Hands of clay, thoughts of joy

P. R. Daroz’s ‘Seabed’ has ceramic squares veering the impressions of underwater flora and fauna. Photo: Special Arrangement  

After a gap of eight years, P.R. Daroz is back with a body of ceramic work which shows why he is called a master craftsman in the field.

The artist whose creative wizardry and sustained efforts to push the medium beyond the traditional framework helped create a niche space for ceramic arthas again come up with a collection showing endless possibilities with the medium of clay.

“After working for 40 years with the medium of clay, I am naughtily saying, “I Am Clay”. You have to be tender enough to understand its softness and then work with it, whether you are lifting it, moulding it or storing it. It's not dead, it's alive. Just like human bodies, it also has so much water in it,” says the diminutive 66-year-old artist explaining the title of the show “I Am Clay.”

The veteran sculptor has moulded delicate clay into delightful pieces that have taken after various aspects of human lives.

‘Seabed' comprises 20 ceramic squares which bear the impression of underwater flora and fauna. In rough texture, fashioned in white and sea blue, the sculpture mounted on the wall transports you into the world of corals, vegetation and sea rocks. He is now working on a bigger format of ‘Seabed' for a private buyer.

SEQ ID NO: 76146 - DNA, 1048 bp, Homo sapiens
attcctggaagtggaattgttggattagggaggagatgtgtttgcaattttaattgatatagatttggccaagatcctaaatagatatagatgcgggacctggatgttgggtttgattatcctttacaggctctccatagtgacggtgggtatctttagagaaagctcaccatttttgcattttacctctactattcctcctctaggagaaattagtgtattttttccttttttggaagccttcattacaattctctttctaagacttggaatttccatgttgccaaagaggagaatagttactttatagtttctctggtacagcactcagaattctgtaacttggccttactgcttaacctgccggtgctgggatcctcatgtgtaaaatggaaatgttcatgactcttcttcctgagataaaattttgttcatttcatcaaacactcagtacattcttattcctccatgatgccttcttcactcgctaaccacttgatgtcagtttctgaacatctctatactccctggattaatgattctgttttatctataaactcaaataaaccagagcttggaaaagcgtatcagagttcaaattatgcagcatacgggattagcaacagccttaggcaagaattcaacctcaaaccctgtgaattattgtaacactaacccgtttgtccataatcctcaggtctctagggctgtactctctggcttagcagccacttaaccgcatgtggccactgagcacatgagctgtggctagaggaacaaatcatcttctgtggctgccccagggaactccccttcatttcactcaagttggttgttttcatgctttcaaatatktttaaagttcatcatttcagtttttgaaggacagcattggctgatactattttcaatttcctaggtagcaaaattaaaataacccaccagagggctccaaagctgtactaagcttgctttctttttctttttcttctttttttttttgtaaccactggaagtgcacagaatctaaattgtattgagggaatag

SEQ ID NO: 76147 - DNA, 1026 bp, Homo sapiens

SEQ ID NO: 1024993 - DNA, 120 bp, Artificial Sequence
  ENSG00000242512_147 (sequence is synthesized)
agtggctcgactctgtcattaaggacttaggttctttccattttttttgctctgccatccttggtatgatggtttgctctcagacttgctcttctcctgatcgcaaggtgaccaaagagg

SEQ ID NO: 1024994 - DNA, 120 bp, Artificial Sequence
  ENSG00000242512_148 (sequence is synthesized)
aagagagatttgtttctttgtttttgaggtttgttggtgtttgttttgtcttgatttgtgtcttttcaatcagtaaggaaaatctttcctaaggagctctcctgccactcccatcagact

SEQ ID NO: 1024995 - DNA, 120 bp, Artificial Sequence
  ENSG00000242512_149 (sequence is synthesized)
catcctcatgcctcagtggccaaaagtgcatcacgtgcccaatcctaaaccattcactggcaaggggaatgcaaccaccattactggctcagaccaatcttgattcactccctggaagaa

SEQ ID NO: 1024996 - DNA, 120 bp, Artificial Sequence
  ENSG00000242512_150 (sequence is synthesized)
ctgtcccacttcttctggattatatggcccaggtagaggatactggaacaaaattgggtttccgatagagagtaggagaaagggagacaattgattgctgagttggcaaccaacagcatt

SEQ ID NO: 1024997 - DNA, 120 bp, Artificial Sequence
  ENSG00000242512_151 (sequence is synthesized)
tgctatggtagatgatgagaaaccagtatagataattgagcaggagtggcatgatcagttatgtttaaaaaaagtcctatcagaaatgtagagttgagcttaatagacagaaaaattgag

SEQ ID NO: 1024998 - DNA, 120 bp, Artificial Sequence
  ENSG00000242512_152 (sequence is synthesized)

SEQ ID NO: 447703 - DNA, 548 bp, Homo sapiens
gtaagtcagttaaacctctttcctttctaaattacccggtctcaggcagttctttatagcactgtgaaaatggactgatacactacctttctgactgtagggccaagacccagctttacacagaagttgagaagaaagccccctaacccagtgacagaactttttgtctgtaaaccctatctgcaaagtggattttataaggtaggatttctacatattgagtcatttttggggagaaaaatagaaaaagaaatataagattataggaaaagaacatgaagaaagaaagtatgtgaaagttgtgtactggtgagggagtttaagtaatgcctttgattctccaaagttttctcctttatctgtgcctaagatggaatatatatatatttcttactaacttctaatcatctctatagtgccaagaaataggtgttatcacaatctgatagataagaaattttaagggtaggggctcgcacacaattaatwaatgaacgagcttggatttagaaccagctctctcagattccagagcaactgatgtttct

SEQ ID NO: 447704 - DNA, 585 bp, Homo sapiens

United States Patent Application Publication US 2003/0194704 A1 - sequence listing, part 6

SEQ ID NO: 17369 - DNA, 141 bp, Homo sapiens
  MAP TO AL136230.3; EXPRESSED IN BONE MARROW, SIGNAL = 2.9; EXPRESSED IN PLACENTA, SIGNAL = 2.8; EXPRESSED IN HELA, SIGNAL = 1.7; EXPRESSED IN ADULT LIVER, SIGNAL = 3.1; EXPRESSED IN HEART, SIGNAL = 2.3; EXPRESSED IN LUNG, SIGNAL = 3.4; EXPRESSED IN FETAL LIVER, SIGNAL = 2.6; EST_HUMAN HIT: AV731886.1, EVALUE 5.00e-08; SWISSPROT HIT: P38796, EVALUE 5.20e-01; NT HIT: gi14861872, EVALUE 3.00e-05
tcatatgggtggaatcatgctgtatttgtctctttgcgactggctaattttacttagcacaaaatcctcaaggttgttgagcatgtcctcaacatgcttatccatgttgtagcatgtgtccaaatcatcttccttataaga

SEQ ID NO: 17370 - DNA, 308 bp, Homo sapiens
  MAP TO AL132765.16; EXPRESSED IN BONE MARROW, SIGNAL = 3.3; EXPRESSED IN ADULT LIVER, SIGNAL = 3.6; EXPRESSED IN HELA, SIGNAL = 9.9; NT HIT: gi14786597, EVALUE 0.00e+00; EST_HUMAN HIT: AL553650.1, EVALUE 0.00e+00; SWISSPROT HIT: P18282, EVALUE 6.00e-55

“I am digesting everything I see. What I create is not out of compulsion but with a desire to say something,” says Daroz, showing his aerial landscapes. “People, be it a child, adult or from any age group, it should attract anybody to come near it and soak in its flavour. It should give them joy,” says the artist who, At J. Swaminathan's invitation, began a ceramics course in Bharat Bhavan in Bhopal and has to his credit a number of murals for corporate spaces.

Sculptural installations

‘Unending Rhythms' has two sculptural installations of blocks which create the impression of musical notes. Though both are created out of porcelain, one white block is given a finish which makes it look like marble, whereas the other in matt bronze has a stoneware finish.

“For the light, (a light fixture on the base of the piece), I was inspired by Qutub Minar. I am looking for new aesthetics, new way of saying things. But ultimately, it is the thought that counts,” says Daroz, referring to his journey from creating traditional pots, animal figurines to abstract ceramic sculpture and installations.

And even though wheel work has its limitations, he still loves the technique and uses it too.

In one instance, Daroz has made traditional plates on the wheel but, again giving the form a twist, fixed them in square frames.

His ‘Fired Canvas' series has paintings on clay. Working with a mélange of blue, orange, gold and green glazes, he has created complex patterns and designs.

“The same flame can give you beautiful colours and the same flame can destroy it. One has to understand fire and heat to get the desired result, and this comes with experience. You have to fire not with hands but with the mind,” says the artist.

(The show will be on all through the Commonwealth Games 2010 at Art Alive Gallery, Panchsheel Park)

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Printable version | Jul 27, 2021 9:53:39 AM |

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